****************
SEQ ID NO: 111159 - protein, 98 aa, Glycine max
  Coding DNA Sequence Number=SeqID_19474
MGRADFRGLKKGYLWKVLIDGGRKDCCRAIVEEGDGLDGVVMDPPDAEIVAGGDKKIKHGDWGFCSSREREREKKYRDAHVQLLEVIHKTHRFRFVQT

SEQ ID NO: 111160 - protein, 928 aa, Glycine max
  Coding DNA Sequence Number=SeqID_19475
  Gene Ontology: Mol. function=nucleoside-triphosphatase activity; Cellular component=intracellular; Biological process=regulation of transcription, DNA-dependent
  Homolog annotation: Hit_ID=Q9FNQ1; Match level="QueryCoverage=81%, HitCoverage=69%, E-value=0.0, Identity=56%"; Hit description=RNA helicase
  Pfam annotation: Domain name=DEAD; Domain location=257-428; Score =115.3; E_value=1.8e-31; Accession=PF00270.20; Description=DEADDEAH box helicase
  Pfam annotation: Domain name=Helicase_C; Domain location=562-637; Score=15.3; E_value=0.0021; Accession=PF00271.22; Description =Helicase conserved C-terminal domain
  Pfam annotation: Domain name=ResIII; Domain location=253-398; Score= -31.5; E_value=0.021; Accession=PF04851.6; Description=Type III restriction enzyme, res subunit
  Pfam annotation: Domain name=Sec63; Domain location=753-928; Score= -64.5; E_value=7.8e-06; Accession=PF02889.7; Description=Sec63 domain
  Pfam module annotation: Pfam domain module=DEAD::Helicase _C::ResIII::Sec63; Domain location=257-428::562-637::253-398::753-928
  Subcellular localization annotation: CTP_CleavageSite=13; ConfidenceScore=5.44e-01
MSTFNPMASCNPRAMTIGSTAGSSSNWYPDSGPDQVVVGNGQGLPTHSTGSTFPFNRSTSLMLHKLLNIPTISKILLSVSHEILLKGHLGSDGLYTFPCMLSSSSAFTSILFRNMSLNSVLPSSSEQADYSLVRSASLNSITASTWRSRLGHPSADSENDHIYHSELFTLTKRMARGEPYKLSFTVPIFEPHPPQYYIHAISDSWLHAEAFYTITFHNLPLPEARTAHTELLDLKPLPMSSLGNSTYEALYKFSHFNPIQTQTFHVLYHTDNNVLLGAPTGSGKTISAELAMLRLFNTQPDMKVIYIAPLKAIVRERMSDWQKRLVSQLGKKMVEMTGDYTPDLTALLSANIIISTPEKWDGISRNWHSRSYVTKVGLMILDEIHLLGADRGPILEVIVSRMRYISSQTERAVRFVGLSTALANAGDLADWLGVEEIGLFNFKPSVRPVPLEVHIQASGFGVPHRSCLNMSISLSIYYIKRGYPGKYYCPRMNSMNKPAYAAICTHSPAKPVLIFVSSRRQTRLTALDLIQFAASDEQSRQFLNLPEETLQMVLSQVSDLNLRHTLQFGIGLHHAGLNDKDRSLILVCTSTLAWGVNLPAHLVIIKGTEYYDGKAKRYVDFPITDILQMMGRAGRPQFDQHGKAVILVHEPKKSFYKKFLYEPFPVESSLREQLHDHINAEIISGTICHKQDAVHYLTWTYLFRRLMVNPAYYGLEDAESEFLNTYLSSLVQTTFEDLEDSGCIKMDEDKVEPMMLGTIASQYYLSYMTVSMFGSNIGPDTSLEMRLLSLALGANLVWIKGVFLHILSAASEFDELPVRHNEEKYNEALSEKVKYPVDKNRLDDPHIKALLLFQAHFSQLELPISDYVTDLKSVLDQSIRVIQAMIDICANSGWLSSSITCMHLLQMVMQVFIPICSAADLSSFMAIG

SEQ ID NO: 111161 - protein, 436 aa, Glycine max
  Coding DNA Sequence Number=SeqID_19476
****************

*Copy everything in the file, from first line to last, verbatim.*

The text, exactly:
SEQ ID NO: 111159 - protein, 98 aa, Glycine max
  Coding DNA Sequence Number=SeqID_19474
MGRADFRGLKKGYLWKVLIDGGRKDCCRAIVEEGDGLDGVVMDPPDAEIVAGGDKKIKHGDWGFCSSREREREKKYRDAHVQLLEVIHKTHRFRFVQT

SEQ ID NO: 111160 - protein, 928 aa, Glycine max
  Coding DNA Sequence Number=SeqID_19475
  Gene Ontology: Mol. function=nucleoside-triphosphatase activity; Cellular component=intracellular; Biological process=regulation of transcription, DNA-dependent
  Homolog annotation: Hit_ID=Q9FNQ1; Match level="QueryCoverage=81%, HitCoverage=69%, E-value=0.0, Identity=56%"; Hit description=RNA helicase
  Pfam annotation: Domain name=DEAD; Domain location=257-428; Score =115.3; E_value=1.8e-31; Accession=PF00270.20; Description=DEADDEAH box helicase
  Pfam annotation: Domain name=Helicase_C; Domain location=562-637; Score=15.3; E_value=0.0021; Accession=PF00271.22; Description =Helicase conserved C-terminal domain
  Pfam annotation: Domain name=ResIII; Domain location=253-398; Score= -31.5; E_value=0.021; Accession=PF04851.6; Description=Type III restriction enzyme, res subunit
  Pfam annotation: Domain name=Sec63; Domain location=753-928; Score= -64.5; E_value=7.8e-06; Accession=PF02889.7; Description=Sec63 domain
  Pfam module annotation: Pfam domain module=DEAD::Helicase _C::ResIII::Sec63; Domain location=257-428::562-637::253-398::753-928
  Subcellular localization annotation: CTP_CleavageSite=13; ConfidenceScore=5.44e-01
MSTFNPMASCNPRAMTIGSTAGSSSNWYPDSGPDQVVVGNGQGLPTHSTGSTFPFNRSTSLMLHKLLNIPTISKILLSVSHEILLKGHLGSDGLYTFPCMLSSSSAFTSILFRNMSLNSVLPSSSEQADYSLVRSASLNSITASTWRSRLGHPSADSENDHIYHSELFTLTKRMARGEPYKLSFTVPIFEPHPPQYYIHAISDSWLHAEAFYTITFHNLPLPEARTAHTELLDLKPLPMSSLGNSTYEALYKFSHFNPIQTQTFHVLYHTDNNVLLGAPTGSGKTISAELAMLRLFNTQPDMKVIYIAPLKAIVRERMSDWQKRLVSQLGKKMVEMTGDYTPDLTALLSANIIISTPEKWDGISRNWHSRSYVTKVGLMILDEIHLLGADRGPILEVIVSRMRYISSQTERAVRFVGLSTALANAGDLADWLGVEEIGLFNFKPSVRPVPLEVHIQASGFGVPHRSCLNMSISLSIYYIKRGYPGKYYCPRMNSMNKPAYAAICTHSPAKPVLIFVSSRRQTRLTALDLIQFAASDEQSRQFLNLPEETLQMVLSQVSDLNLRHTLQFGIGLHHAGLNDKDRSLILVCTSTLAWGVNLPAHLVIIKGTEYYDGKAKRYVDFPITDILQMMGRAGRPQFDQHGKAVILVHEPKKSFYKKFLYEPFPVESSLREQLHDHINAEIISGTICHKQDAVHYLTWTYLFRRLMVNPAYYGLEDAESEFLNTYLSSLVQTTFEDLEDSGCIKMDEDKVEPMMLGTIASQYYLSYMTVSMFGSNIGPDTSLEMRLLSLALGANLVWIKGVFLHILSAASEFDELPVRHNEEKYNEALSEKVKYPVDKNRLDDPHIKALLLFQAHFSQLELPISDYVTDLKSVLDQSIRVIQAMIDICANSGWLSSSITCMHLLQMVMQVFIPICSAADLSSFMAIG

SEQ ID NO: 111161 - protein, 436 aa, Glycine max
  Coding DNA Sequence Number=SeqID_19476